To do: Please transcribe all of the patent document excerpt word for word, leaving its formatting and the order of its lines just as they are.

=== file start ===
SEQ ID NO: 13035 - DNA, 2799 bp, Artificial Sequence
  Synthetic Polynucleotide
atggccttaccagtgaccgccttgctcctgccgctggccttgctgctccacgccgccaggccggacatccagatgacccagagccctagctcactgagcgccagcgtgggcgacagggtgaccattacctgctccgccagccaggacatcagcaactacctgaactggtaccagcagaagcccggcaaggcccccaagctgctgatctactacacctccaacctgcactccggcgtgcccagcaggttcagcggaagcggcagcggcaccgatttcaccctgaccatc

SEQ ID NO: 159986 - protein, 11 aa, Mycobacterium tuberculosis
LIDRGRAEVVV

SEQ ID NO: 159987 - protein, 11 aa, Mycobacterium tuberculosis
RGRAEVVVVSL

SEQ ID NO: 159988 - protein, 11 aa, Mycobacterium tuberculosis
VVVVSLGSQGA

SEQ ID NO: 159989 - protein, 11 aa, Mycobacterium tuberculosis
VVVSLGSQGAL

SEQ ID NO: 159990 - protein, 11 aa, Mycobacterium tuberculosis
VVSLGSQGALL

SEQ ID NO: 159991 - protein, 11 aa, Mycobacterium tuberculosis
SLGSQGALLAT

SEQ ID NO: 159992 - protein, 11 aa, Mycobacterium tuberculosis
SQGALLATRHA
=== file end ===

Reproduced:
SEQ ID NO: 13035 - DNA, 2799 bp, Artificial Sequence
  Synthetic Polynucleotide
atggccttaccagtgaccgccttgctcctgccgctggccttgctgctccacgccgccaggccggacatccagatgacccagagccctagctcactgagcgccagcgtgggcgacagggtgaccattacctgctccgccagccaggacatcagcaactacctgaactggtaccagcagaagcccggcaaggcccccaagctgctgatctactacacctccaacctgcactccggcgtgcccagcaggttcagcggaagcggcagcggcaccgatttcaccctgaccatc

SEQ ID NO: 159986 - protein, 11 aa, Mycobacterium tuberculosis
LIDRGRAEVVV

SEQ ID NO: 159987 - protein, 11 aa, Mycobacterium tuberculosis
RGRAEVVVVSL

SEQ ID NO: 159988 - protein, 11 aa, Mycobacterium tuberculosis
VVVVSLGSQGA

SEQ ID NO: 159989 - protein, 11 aa, Mycobacterium tuberculosis
VVVSLGSQGAL

SEQ ID NO: 159990 - protein, 11 aa, Mycobacterium tuberculosis
VVSLGSQGALL

SEQ ID NO: 159991 - protein, 11 aa, Mycobacterium tuberculosis
SLGSQGALLAT

SEQ ID NO: 159992 - protein, 11 aa, Mycobacterium tuberculosis
SQGALLATRHA